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Recreational Therapist Careers

Learn how to become a recreational therapist.

man standing on hilltop on crutches
man standing on hilltop on crutches

Throughout its long evolution, recreational therapy (its practitioners are known as recreational therapists or therapeutic recreation specialists) has helped people across the globe who have become mentally or physically injured become active again.

Recreational therapists understand better than some other specialists how to use creative therapeutic methods to help their patients get over the stages of grief, build confidence again, and regain control of their lives.

Some therapies include:

  • Music
  • Sports
  • Games
  • Arts and crafts
  • Animals
  • Dance, movement and drama

Besides physical activity, recreational therapists also help individuals with illnesses and disabilities maintain physical, mental and emotional stability by assessing medical records, weighing observations from family members and medical staff. By using recreational activities, these therapists help patients reduce stress and anxiety, combat depression and recover motor skills and reasoning functionality. Recreational therapists also help patients with disabilities reenter the community by teaching them how to understand and use community resources and facilities.

Recreational Therapist Salary

According to the U.S. Bureau of Labor Statistics’ current Occupational Employment Statistics, the job growth for recreational therapists is 10% through 2030, which is slightly above average compared to all careers nationally (8%). Take a look at median annual salaries:

Recreational Therapists

National data

Median Salary: $47,940

Projected job growth: 10.4%

10th Percentile: $31,710

25th Percentile: $37,850

75th Percentile: $61,470

90th Percentile: $80,610

Projected job growth: 10.4%

State data

State Median Salary Bottom 10% Top 10%
Alabama $46,660 $33,870 $71,120
Arkansas $47,000 $36,570 $77,560
Arizona $48,380 $37,020 $73,790
California $78,610 $38,180 $95,370
Colorado $46,660 $29,430 $73,240
Connecticut $59,770 $37,110 $86,630
District of Columbia $76,230 $38,000 $99,070
Delaware $36,990 $35,460 $59,080
Florida $46,660 $29,010 $77,290
Georgia $46,640 $29,580 $59,770
Iowa $46,730 $36,070 $71,180
Idaho $47,670 $36,750 $61,250
Illinois $57,970 $37,990 $85,920
Indiana $37,840 $23,700 $60,780
Kansas $29,680 $23,440 $46,640
Kentucky $47,570 $36,780 $71,120
Louisiana $46,640 $36,710 $59,380
Massachusetts $47,850 $37,310 $76,340
Maryland $47,610 $26,490 $75,170
Maine $48,350 $36,930 $66,560
Michigan $47,610 $37,020 $61,860
Minnesota $47,940 $35,010 $74,250
Missouri $46,690 $36,570 $67,660
Mississippi $29,730 $23,180 $59,180
North Carolina $46,870 $36,930 $61,970
Nebraska $50,000 $36,930 $67,020
New Hampshire $54,040 $47,320 $68,710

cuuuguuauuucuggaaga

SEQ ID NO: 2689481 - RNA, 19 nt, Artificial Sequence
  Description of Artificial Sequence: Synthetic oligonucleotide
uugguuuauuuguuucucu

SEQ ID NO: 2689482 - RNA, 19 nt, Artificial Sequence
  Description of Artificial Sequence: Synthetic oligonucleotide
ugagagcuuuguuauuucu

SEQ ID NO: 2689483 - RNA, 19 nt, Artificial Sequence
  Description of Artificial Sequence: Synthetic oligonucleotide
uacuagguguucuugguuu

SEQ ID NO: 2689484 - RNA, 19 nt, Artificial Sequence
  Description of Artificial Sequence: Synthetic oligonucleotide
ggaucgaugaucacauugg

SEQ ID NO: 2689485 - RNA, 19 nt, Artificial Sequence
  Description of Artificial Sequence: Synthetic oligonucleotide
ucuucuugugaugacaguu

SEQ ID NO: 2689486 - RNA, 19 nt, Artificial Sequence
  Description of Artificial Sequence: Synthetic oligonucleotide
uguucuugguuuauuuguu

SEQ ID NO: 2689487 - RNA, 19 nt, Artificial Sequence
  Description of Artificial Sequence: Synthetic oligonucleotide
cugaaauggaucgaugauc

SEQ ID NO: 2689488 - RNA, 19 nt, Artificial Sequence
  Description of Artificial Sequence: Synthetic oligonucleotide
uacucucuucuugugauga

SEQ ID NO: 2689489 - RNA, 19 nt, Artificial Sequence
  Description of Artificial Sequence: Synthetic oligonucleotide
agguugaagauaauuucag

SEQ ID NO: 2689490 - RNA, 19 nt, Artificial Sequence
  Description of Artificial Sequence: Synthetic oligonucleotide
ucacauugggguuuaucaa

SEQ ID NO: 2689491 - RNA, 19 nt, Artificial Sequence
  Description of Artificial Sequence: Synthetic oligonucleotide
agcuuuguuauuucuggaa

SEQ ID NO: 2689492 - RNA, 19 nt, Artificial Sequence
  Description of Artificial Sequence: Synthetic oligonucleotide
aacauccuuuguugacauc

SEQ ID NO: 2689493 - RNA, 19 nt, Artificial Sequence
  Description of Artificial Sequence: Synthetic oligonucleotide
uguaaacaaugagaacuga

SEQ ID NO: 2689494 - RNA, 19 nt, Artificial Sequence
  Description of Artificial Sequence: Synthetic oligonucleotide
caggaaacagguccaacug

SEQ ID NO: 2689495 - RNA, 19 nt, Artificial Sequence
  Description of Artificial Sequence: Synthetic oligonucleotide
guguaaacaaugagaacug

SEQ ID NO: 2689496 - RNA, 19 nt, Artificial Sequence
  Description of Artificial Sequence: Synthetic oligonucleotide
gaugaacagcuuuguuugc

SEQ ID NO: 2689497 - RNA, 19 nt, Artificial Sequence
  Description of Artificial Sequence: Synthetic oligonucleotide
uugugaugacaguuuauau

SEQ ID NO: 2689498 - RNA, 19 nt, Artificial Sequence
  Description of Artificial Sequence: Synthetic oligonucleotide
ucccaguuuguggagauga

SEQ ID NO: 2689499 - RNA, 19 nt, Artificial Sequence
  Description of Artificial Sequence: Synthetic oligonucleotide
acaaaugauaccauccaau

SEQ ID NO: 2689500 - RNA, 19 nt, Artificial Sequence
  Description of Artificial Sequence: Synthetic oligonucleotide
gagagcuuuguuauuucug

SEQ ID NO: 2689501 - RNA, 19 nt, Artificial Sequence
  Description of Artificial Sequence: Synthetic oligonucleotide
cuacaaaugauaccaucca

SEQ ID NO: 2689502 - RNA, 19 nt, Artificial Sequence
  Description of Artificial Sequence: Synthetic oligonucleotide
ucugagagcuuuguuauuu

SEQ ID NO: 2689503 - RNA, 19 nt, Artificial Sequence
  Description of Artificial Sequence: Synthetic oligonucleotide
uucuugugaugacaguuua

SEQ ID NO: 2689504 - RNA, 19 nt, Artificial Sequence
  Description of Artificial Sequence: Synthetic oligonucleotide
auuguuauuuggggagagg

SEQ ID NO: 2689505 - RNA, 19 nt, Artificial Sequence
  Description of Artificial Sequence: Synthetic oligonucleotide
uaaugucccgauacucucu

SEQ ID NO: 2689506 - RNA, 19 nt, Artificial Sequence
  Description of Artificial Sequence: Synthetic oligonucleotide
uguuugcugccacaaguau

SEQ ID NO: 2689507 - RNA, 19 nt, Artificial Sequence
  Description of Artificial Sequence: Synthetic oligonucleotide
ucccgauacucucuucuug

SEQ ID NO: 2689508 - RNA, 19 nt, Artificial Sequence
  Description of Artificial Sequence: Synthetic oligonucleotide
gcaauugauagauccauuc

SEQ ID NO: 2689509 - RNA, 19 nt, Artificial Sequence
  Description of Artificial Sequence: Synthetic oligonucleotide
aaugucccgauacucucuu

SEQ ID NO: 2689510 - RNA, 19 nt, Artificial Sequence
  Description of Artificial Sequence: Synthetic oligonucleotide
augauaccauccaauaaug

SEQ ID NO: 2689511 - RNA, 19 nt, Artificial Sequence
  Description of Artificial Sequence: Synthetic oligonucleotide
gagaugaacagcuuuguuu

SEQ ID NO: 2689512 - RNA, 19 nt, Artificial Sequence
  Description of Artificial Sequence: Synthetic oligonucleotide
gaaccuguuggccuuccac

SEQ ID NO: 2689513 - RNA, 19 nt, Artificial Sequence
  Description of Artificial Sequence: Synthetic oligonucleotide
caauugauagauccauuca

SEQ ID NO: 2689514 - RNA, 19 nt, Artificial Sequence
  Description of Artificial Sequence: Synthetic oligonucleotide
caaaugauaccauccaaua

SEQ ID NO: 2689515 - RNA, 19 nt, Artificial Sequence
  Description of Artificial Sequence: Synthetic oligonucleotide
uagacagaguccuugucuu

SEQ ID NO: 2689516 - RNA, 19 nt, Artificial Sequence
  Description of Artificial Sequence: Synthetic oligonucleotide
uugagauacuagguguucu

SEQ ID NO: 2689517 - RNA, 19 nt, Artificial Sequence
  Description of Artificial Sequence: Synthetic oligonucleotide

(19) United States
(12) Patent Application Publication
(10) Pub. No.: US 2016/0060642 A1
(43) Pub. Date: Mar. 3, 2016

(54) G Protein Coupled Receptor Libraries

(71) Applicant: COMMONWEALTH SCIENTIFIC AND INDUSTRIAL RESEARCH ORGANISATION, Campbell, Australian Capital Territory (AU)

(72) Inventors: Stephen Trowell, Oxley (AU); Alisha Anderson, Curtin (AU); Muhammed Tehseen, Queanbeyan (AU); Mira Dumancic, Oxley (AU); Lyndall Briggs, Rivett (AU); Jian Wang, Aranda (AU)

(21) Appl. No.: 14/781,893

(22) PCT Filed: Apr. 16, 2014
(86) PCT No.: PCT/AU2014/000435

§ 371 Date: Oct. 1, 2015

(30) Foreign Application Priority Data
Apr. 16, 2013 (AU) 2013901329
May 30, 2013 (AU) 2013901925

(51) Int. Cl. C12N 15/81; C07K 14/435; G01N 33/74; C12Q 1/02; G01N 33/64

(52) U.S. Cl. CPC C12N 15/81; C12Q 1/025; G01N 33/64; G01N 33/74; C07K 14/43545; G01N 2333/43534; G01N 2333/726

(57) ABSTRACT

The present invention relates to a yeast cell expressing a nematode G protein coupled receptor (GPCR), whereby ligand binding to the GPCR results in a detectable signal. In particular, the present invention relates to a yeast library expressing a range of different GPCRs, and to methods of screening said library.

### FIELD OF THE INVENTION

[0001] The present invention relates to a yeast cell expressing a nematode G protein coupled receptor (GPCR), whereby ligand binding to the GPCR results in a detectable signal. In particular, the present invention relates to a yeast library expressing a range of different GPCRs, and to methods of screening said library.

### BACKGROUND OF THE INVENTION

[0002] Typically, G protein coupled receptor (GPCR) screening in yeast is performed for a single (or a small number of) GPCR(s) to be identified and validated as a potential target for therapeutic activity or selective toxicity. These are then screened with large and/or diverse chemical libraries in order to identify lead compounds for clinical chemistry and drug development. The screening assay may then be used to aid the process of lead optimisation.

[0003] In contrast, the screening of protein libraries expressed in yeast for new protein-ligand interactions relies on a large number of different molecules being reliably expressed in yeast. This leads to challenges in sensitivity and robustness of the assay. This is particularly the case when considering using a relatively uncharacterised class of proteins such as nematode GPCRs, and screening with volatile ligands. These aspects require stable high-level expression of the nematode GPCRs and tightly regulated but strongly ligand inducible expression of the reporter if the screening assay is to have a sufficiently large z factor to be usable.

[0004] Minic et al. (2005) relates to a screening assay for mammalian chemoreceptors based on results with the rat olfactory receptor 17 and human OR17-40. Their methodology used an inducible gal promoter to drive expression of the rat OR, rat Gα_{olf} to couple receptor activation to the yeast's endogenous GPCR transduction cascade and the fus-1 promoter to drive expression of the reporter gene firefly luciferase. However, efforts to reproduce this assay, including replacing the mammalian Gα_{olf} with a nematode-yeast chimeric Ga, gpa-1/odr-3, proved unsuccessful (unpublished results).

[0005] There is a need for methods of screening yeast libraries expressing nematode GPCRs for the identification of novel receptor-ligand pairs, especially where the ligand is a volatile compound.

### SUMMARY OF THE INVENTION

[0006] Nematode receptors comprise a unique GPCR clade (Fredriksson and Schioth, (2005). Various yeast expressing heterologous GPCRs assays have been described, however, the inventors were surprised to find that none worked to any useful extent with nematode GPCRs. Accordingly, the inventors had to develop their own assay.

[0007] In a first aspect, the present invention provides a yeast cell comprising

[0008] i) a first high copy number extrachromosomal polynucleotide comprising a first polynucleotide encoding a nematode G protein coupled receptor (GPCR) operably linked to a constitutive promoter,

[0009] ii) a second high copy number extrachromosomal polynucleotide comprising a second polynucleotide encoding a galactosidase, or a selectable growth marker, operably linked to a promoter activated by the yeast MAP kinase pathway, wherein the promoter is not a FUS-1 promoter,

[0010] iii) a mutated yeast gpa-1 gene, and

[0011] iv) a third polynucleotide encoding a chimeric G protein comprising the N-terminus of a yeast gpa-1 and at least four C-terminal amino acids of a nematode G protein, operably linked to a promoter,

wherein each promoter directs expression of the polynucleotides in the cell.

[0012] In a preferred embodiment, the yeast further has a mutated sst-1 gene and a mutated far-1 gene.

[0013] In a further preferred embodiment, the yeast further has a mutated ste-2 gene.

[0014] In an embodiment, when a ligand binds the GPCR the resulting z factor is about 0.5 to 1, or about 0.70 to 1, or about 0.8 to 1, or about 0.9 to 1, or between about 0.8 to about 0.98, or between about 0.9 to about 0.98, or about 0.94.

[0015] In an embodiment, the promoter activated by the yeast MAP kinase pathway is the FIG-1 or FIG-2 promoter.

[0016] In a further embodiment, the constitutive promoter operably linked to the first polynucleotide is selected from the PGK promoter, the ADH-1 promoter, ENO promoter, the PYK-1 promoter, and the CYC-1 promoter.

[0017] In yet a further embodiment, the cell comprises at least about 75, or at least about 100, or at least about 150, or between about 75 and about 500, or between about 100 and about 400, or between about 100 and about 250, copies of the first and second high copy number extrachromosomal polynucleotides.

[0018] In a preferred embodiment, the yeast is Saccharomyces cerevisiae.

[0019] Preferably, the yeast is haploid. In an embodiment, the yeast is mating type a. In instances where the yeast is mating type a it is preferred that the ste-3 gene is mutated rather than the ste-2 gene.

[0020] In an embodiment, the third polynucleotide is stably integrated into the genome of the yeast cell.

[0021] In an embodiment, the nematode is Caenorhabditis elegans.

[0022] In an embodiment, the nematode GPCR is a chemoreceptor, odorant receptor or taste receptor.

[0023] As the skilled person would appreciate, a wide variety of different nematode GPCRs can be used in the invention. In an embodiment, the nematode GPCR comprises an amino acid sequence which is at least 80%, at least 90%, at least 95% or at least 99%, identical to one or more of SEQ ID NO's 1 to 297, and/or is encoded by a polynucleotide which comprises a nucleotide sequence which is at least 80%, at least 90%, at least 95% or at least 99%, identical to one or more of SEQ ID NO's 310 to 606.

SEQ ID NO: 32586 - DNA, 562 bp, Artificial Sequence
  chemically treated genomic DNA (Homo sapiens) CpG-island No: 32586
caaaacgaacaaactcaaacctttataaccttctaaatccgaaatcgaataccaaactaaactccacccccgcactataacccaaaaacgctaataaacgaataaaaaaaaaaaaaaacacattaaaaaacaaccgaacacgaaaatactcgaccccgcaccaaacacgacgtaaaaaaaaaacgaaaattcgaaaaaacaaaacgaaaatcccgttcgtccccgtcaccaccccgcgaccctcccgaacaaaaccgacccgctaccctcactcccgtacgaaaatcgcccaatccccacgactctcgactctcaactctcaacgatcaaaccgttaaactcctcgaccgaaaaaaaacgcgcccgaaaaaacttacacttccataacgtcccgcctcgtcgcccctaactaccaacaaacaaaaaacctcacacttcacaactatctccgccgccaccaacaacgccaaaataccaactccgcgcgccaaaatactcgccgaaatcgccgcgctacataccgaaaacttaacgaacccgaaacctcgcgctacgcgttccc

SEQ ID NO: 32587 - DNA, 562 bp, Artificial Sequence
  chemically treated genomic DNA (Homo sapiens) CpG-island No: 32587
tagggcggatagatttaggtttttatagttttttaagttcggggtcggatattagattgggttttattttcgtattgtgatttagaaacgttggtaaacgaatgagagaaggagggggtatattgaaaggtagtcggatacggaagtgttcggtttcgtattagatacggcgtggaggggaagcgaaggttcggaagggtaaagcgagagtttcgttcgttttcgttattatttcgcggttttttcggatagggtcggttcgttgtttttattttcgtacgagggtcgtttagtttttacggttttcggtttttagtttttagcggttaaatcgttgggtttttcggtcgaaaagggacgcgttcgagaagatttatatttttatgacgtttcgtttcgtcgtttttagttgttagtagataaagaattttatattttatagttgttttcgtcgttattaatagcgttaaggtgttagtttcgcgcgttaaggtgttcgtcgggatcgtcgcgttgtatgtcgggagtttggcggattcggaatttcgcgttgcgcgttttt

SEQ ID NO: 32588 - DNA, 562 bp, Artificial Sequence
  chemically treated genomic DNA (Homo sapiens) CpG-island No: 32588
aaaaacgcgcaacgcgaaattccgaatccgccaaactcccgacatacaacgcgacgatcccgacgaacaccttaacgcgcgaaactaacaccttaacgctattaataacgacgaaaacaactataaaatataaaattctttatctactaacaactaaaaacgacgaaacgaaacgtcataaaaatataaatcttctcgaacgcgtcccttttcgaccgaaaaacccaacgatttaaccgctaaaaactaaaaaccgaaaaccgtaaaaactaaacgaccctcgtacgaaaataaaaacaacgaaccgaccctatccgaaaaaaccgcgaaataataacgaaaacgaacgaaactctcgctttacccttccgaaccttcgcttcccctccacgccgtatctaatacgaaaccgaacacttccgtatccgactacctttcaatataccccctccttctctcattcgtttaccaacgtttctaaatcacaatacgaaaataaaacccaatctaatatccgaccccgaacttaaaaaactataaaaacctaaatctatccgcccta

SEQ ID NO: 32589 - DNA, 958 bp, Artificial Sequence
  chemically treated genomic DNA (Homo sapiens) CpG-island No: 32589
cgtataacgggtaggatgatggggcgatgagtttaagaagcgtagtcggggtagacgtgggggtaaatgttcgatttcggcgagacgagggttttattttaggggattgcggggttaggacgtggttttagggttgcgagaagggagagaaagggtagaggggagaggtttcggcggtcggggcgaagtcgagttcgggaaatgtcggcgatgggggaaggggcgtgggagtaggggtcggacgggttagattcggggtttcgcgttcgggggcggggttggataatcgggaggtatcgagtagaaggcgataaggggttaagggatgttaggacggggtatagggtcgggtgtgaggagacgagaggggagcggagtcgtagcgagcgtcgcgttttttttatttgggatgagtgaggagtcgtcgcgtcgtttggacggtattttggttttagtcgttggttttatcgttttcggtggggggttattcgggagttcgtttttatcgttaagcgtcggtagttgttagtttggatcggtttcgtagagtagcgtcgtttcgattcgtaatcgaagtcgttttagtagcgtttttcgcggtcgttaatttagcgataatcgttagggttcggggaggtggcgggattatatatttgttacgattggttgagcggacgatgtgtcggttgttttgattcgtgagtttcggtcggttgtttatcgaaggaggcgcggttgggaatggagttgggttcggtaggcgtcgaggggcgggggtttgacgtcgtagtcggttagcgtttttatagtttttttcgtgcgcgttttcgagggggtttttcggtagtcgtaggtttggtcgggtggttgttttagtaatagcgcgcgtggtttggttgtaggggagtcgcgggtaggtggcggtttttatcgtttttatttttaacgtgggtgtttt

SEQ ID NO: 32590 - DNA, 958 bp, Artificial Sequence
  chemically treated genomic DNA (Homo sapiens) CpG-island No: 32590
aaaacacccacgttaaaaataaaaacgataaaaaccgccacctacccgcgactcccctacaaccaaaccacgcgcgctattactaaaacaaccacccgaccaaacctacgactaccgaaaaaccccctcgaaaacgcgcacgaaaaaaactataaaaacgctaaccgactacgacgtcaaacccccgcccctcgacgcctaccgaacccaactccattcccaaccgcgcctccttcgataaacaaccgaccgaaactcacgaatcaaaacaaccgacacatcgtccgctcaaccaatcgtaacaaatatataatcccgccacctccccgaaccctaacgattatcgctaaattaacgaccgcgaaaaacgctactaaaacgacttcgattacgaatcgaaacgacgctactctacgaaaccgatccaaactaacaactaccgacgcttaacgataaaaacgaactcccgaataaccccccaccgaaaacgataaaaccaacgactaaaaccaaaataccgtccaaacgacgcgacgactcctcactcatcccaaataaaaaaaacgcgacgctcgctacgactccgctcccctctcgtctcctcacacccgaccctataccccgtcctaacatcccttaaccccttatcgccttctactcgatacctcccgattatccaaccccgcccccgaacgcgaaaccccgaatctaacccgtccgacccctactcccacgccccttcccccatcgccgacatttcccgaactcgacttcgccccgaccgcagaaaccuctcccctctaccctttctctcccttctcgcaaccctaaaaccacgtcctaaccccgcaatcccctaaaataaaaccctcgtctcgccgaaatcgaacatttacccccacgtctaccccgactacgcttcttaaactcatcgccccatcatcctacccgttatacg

New Jersey $61,160 $46,950 $96,520
New Mexico $37,240 $29,320 $51,060
Nevada $47,010 $36,630 $75,130
New York $59,770 $38,000 $78,460
Ohio $47,360 $37,110 $61,250
Oklahoma $37,020 $25,420 $60,420
Oregon $60,190 $47,340 $78,460
Pennsylvania $48,660 $33,820 $74,070
South Carolina $46,690 $36,800 $61,300
Tennessee $38,840 $30,110 $66,790
Texas $54,410 $33,090 $85,170
Utah $37,850 $29,430 $64,900
Virginia $46,910 $36,000 $73,610
Washington $59,080 $46,910 $77,830
Wisconsin $47,000 $35,750 $64,850
West Virginia $36,710 $29,130 $73,790
Wyoming $48,170 $43,680 $73,260

Source: U.S. Bureau of Labor Statistics (BLS) 2021 median salary; projected job growth through 2030. Actual salaries vary depending on location, level of education, years of experience, work environment, and other factors. Salaries may differ even more for those who are self-employed or work part time.

Recreational Therapist Work Environment

The majority of recreational therapists are employed in nursing care facilities, but other institutions, such as hospitals, residential care facilities and state and government agencies, also provide employment opportunities. Recreational therapists may choose to maintain a private practice and these therapists will work with community programs, school special education programs or assisted living or substance abuse rehabilitation centers.

Training and Education

Psychology students interested in becoming a recreational therapist will need at least a bachelor’s degree in therapeutic recreation. This recreational therapist degree program offers training in assessment, treatment, program planning and intervention.

Certification is not mandatory for recreational therapy jobs, but it is generally acknowledged that employers prefer candidates who have obtained certification from the National Council for Therapeutic Recreation Certification. This credential is awarded to recreational therapists who have passed a written exam and completed a supervised internship of at least 480 hours.

Now that you’ve learned about the benefits of recreational therapy, finding the right accredited psychology school will help you achieve your career goals and get on the path to becoming a recreational therapist.

Sources: Recreationtherapy.com